How to replace #import's exception raising mechanism in Visual C++

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Article ID: 175784 - View products that this article applies to.
This article was previously published under Q175784
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Note Microsoft Visual C++ .NET 2002 and Microsoft Visual C++ .NET 2003 support both the managed code model that is provided by the Microsoft .NET Framework and the unmanaged native Microsoft Windows code model. The information in this article applies only to unmanaged Visual C++ code. Microsoft Visual C++ 2005 supports both the managed code model that is provided by the Microsoft .NET Framework and the unmanaged native Microsoft Windows code model.
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SUMMARY

Using #import to create your client application introduces exception handling through the _com_error exception class when a wrapper for an object's method encounters a failed HRESULT. You might have valid reasons to replace this mechanism with your own implementation.

MORE INFORMATION

There are two ways to use #import and not have it raise exceptions for failed HRESULTS. The first is to use the raw_interfaces_only clause with the #import statement. However, this negates some of the advantages of the wrapper classes that #import provides.

The second technique is by providing your own implementation for _com_raise_error, which has the following prototype and default implementation:
void __stdcall _com_raise_error(HRESULT hr, IErrorInfo* perrinfo = 0)
   throw(_com_error);

   void __stdcall
   _com_raise_error(HRESULT hr, IErrorInfo* perrinfo ) throw(_com_error)
   {
       throw _com_error(hr, perrinfo);
   } 
				
This function is declared but not implemented in the COMDEF.H file. If you provide your own implementation in an .OBJ, the linker uses that as opposed to bringing it in from COMSUPP.LIB. _com_raise_error exists in its own object in COMSUPP.LIB just so it can be easily replaced by your code.

Below is an example of implementation of #import's exception raising function:
Note: Currently our compiler ignores a function exception-specification and generates the warning:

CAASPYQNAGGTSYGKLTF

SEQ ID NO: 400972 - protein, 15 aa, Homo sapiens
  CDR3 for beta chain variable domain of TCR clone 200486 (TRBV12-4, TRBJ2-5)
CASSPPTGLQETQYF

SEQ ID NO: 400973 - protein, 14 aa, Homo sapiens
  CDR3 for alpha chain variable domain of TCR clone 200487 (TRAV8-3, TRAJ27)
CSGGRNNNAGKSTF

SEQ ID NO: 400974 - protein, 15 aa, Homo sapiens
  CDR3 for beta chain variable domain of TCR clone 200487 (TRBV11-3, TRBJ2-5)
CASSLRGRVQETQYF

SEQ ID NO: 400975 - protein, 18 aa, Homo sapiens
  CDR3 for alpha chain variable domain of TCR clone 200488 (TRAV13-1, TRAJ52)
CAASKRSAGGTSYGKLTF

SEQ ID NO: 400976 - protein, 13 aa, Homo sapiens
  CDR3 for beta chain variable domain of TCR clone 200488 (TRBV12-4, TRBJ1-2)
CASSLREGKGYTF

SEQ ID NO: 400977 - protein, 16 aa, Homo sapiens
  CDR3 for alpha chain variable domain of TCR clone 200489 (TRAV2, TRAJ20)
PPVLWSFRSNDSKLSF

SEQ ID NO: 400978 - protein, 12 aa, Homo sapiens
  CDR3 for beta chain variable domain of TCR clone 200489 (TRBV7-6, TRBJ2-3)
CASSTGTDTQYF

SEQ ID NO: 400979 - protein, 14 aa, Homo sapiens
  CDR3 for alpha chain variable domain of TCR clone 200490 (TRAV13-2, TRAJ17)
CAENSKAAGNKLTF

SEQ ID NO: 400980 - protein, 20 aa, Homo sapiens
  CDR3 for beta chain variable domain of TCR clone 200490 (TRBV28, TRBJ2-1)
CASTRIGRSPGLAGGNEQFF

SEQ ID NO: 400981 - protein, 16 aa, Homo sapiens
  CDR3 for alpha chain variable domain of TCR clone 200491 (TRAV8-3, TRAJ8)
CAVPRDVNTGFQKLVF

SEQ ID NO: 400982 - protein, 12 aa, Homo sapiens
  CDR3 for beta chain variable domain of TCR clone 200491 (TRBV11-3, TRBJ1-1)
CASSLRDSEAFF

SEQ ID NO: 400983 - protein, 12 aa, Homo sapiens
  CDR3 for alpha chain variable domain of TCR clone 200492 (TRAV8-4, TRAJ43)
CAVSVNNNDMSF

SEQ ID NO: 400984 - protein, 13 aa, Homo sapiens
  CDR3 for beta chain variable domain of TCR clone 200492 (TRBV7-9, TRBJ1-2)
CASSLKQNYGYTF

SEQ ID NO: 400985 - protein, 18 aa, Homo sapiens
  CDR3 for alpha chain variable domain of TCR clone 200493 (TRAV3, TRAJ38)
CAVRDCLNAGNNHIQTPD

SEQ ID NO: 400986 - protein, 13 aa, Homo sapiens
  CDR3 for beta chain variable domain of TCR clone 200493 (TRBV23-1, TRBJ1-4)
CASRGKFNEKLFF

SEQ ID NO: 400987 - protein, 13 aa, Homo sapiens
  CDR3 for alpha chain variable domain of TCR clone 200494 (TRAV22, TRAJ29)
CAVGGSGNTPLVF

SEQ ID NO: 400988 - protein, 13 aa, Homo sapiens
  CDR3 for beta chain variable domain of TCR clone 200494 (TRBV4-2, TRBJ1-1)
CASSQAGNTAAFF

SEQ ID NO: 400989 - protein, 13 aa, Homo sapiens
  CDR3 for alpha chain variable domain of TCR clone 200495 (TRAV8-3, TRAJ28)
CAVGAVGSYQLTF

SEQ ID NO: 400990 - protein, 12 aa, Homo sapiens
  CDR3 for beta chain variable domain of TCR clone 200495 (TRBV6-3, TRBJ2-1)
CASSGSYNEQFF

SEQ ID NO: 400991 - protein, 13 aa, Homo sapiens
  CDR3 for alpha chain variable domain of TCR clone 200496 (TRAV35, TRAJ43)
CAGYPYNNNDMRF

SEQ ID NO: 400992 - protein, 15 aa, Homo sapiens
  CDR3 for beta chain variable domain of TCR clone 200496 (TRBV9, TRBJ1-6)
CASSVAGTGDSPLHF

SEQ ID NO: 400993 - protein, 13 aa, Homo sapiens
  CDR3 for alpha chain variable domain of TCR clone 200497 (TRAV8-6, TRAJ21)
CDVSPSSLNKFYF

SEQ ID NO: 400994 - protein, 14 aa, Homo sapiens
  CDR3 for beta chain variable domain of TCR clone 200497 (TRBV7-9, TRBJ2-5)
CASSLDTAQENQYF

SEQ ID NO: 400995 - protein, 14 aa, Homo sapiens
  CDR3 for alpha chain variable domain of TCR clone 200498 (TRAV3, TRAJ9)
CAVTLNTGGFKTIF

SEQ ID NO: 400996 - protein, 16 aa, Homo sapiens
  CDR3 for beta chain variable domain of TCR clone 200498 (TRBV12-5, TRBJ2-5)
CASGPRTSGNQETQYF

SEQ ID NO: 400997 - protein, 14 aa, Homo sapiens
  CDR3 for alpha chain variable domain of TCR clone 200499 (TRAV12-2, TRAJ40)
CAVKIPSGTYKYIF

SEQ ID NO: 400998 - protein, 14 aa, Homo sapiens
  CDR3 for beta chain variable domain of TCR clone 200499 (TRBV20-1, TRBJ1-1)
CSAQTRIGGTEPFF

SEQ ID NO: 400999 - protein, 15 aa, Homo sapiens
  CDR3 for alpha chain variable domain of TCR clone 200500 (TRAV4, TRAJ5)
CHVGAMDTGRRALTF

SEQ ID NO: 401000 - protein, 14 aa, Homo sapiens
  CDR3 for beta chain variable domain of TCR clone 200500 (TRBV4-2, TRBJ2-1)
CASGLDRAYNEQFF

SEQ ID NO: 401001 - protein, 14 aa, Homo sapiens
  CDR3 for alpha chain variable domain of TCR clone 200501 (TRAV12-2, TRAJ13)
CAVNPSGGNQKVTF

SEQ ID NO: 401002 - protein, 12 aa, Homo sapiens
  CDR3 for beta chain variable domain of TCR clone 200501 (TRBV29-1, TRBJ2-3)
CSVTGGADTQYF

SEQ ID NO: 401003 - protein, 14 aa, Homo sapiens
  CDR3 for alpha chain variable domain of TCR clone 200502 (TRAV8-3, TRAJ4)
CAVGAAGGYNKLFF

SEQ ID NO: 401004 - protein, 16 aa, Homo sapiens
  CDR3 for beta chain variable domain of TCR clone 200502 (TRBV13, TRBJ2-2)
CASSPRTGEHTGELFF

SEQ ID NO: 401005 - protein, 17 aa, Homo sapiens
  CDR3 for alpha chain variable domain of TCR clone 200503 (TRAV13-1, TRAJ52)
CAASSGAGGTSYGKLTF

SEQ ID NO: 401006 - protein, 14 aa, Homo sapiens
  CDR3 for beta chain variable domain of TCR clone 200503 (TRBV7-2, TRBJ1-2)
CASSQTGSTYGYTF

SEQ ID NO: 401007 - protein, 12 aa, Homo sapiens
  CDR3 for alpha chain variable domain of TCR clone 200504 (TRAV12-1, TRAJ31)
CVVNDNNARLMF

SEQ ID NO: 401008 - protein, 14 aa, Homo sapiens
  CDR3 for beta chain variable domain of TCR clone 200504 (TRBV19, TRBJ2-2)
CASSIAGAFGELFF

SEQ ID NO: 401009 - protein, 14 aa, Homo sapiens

warning C4290: C++ Exception Specification ignored.
According to C++ whitepaper if any declaration of a function has an exception- specification, all declarations, including the definition, of that function shall have an exception-specification with the same set of type- ids.
void __stdcall
   _com_raise_error(HRESULT hr, IErrorInfo* perrinfo ) throw(_com_error)
       {
           //this message box is for demonstration purpose only
          AfxMessageBox( "_com_raise_error (HRESULT, IErrorInfo*)" );
           //your own error handling code or just an abort
       }
#import "C:\Program Files\Common Files\System\ado\msado15.dll" no_namespace rename("EOF", "adoEOF" )

       _bstr_t     bstrEmpty(L"");
       _ConnectionPtr  Conn1 = NULL;
       Conn1.CreateInstance( __uuidof( Connection ) );
       Conn1->Open( bstrEmpty, bstrEmpty, bstrEmpty,0 ); 
					
This code attempts to open an ADO connection object without providing any valid connection information. By replacing _com_raise_error, you prevented the _com_error from being raised.

However, just because you have replaced this function, you may still need to trap for exceptions. Consider the code snippet below.
#import "C:\Program Files\Common Files\System\ado\msado15.dll" no_namespace rename("EOF", "adoEOF" )
    _ConnectionPtr  Conn1 = NULL;
    // Conn1.CreateInstance( __uuidof( Connection ) );
    Conn1->Open( bstrEmpty, bstrEmpty, bstrEmpty ,0); 
				
In this case, Conn1 is not a valid object and the interface pointer to this non-existent object is NULL, resulting in _com_raise_erro being called. However, the overloaded -> operator method will return a null interface, on which the compiler then attempts to invoke the Open() method, resulting in a Win32 exception. Testing Conn1 for NULL first before calling Open() would prevent this exception.

Properties

Article ID: 175784 - Last Review: February 28, 2014 - Revision: 5.0
APPLIES TO
  • Microsoft Visual C++ 2005 Express Edition
  • Microsoft Visual C++ .NET 2003 Standard Edition
  • Microsoft Visual C++ .NET 2002 Standard Edition
  • Microsoft Visual C++ 6.0 Enterprise Edition
  • Microsoft Visual C++ 6.0 Professional Edition
  • Microsoft Visual C++, 32-bit Learning Edition 6.0
  • Microsoft Visual C++ 5.0 Enterprise Edition
  • Microsoft Visual C++ 5.0 Professional Edition
Keywords: 
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